19 Nebular Theory, Part I Step 1: A cool interstellar cloud starts to contract due to its own gravity. At first it is nearly spherical. Step 2: Its initially slow rotation is amplified by contraction, so it rotates faster, and flattens into a protostellar disk.

20 Nebular Theory, Part 2 Step 3: Clumps of matter form in the disk and grow by accretion, the sticking together of solid particles. Small bodies form, called planetesimals; they eventually build up into planet-sized objects

21 Asteroids, comets, and Kuiper Belt Objects are the leftovers, or debris Comets & KBOs: icy planetesimals found in the outer Solar System Asteroids: rocky planetesimals, found in the inner Solar System

22 Why Two Types of Planets? The inner parts of the contracting solar nebula get hotter than the outer parts. Since rock condenses at higher T than ice, rocky bodies form in the inner disk, icy ones further out. Since they are composed of the heavy elements and there isn t much matter in them, the inner planets have relatively small masses.

23 Why Two Types of Planets? Inside the frost line: Too hot for hydrogen compounds to form ices. Outside the frost line: Cold enough for ices to form. This means there is a larger reservoir of matter to make the outer planets.

24 Formation of the Terrestrial Planets Inside the frost line, particles of rock and metal collided and stuck together, building planetesimals. Gravity drew the planetesimals together until they assembled into the terrestrial planets. The larger bodies mopped up the remaining small planetesimals and debris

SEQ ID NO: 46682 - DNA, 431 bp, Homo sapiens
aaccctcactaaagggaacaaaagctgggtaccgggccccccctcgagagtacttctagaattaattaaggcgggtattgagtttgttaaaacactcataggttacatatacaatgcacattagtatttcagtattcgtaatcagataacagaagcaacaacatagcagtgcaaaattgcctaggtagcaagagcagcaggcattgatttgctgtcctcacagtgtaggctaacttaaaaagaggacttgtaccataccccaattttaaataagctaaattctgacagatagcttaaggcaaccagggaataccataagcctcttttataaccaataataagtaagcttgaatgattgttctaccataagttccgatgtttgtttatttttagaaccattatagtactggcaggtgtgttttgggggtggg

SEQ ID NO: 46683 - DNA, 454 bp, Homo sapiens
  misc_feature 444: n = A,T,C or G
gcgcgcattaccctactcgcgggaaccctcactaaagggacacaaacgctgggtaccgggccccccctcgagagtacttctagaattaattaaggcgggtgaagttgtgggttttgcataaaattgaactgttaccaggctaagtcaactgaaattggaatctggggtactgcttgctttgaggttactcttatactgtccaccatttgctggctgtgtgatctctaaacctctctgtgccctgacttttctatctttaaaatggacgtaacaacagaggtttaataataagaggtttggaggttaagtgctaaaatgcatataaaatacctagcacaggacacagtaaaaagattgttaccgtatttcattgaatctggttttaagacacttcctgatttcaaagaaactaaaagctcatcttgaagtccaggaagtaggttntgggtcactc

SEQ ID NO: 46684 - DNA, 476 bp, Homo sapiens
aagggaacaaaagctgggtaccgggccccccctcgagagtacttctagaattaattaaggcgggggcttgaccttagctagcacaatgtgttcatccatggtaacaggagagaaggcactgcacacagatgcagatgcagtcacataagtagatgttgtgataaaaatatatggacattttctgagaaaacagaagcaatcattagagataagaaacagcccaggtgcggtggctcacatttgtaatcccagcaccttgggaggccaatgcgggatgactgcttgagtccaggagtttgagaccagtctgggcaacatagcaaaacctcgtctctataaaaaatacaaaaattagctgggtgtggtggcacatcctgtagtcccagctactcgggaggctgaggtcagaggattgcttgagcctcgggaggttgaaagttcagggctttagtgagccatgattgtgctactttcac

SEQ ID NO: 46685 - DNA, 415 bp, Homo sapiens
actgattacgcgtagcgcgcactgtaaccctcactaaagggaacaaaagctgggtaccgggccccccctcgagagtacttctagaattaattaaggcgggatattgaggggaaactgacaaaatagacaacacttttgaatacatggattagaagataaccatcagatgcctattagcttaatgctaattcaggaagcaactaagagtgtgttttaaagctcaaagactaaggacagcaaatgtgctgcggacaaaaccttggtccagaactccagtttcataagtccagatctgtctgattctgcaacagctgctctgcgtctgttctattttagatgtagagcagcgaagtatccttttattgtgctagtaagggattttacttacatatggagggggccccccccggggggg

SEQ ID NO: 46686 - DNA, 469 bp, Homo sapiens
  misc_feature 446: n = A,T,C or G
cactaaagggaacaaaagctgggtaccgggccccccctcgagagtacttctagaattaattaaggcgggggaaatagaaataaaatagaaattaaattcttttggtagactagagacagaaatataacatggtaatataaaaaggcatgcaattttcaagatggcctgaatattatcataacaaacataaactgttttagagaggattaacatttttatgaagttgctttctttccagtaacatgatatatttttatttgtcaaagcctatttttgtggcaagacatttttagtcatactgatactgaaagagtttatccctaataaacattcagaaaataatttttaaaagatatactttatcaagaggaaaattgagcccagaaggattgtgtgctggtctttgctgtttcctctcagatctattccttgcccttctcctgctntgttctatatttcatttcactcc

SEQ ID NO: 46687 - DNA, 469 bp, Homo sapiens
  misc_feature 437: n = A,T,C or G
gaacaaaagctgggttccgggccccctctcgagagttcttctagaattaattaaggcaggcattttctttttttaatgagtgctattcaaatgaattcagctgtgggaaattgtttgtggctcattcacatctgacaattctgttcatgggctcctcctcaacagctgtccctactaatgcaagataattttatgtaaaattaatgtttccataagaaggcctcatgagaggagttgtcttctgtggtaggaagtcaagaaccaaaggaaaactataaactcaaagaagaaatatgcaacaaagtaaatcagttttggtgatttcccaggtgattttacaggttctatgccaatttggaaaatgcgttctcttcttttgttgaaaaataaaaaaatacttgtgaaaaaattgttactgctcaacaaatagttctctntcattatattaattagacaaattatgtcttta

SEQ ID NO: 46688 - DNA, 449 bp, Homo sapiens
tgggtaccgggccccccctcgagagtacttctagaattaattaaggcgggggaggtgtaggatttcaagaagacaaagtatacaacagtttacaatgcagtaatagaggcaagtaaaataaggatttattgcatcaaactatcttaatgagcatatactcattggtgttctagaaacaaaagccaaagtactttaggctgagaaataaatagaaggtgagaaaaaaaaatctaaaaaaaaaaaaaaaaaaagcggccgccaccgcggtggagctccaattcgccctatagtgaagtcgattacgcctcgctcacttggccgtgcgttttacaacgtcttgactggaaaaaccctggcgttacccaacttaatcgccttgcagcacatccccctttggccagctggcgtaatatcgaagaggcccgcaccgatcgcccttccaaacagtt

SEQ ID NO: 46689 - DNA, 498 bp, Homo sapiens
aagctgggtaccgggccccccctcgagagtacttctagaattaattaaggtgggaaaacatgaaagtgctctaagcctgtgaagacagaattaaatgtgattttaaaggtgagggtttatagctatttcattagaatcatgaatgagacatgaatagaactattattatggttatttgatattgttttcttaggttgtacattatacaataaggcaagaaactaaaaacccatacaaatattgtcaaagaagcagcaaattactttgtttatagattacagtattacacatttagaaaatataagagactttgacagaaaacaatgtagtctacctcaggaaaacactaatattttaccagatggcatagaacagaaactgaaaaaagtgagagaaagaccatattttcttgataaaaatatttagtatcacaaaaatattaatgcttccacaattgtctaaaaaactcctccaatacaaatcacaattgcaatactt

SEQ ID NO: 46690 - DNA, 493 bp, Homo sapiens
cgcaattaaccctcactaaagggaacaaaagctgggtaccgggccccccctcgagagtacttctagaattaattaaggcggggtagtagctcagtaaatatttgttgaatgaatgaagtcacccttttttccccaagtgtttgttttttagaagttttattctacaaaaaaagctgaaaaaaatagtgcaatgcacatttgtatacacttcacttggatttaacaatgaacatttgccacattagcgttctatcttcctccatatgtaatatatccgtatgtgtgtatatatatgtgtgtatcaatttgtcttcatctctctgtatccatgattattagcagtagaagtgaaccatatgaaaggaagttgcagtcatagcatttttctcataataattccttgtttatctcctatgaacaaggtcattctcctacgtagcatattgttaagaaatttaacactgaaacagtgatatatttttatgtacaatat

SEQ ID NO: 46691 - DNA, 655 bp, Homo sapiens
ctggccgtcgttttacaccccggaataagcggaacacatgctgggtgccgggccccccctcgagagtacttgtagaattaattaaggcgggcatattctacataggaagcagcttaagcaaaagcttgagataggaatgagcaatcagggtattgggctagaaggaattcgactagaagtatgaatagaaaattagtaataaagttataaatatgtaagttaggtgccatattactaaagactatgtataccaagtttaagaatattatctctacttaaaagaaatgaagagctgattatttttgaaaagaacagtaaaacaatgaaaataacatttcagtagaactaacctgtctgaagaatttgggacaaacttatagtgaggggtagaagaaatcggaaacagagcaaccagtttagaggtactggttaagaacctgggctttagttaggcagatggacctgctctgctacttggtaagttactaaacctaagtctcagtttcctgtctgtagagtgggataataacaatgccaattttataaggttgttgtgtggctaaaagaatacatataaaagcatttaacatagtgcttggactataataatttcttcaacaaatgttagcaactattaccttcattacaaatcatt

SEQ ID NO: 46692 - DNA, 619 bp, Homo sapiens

25 Formation of the Jovian Planets Two Current Theories: 1. Core accretion: Solid cores form first, then their gravity draws in gases 2. Gravitational Instability: clumps of gas form within a protoplanetary disk, they have strong enough gravity to collapse rapidly

26 An Epoch of Epic Collisions There seems to have been an era when the remaining planetesimals bombarded the newly formed objects, leaving impact craters and tilting the rotational axes of several of the planets

27 Some Bombardment continues today Comet Shoemaker-Levy 9 collided with Jupiter in 1994, after getting caught in Jupiter s gravity and torn apart by tidal forces into over a dozen pieces

28 Comet Shoemaker-Levy at Jupiter The falling fragments left marks that were seen for several days; a similar event occurred in July 2009

29

30 Could an Asteroid Hit the Earth? It s happened in the past; some left craters we see today. Some events were drastic enough to wipe out a number of species (mass extinctions). There are some Earth-crossing asteroids, or NEO s (Near Earth Objects).

31 Could an Asteroid Hit the Earth? Asteroid Apophis will pass close to the Earth in 2029, and was at one time projected to have a 1 in 5,000 chance of hitting the Earth in 2036, but this has now been revised to a 1:45,000 chance. Astronaut Edward Lu NASA-JSC proposed that we send a small space probe to hover next to this asteroid, providing a gravitational tug strong enough to pull it into a different orbit and avoid a collision. This concept is called a gravitational tractor.

32 Formation of Earth s Moon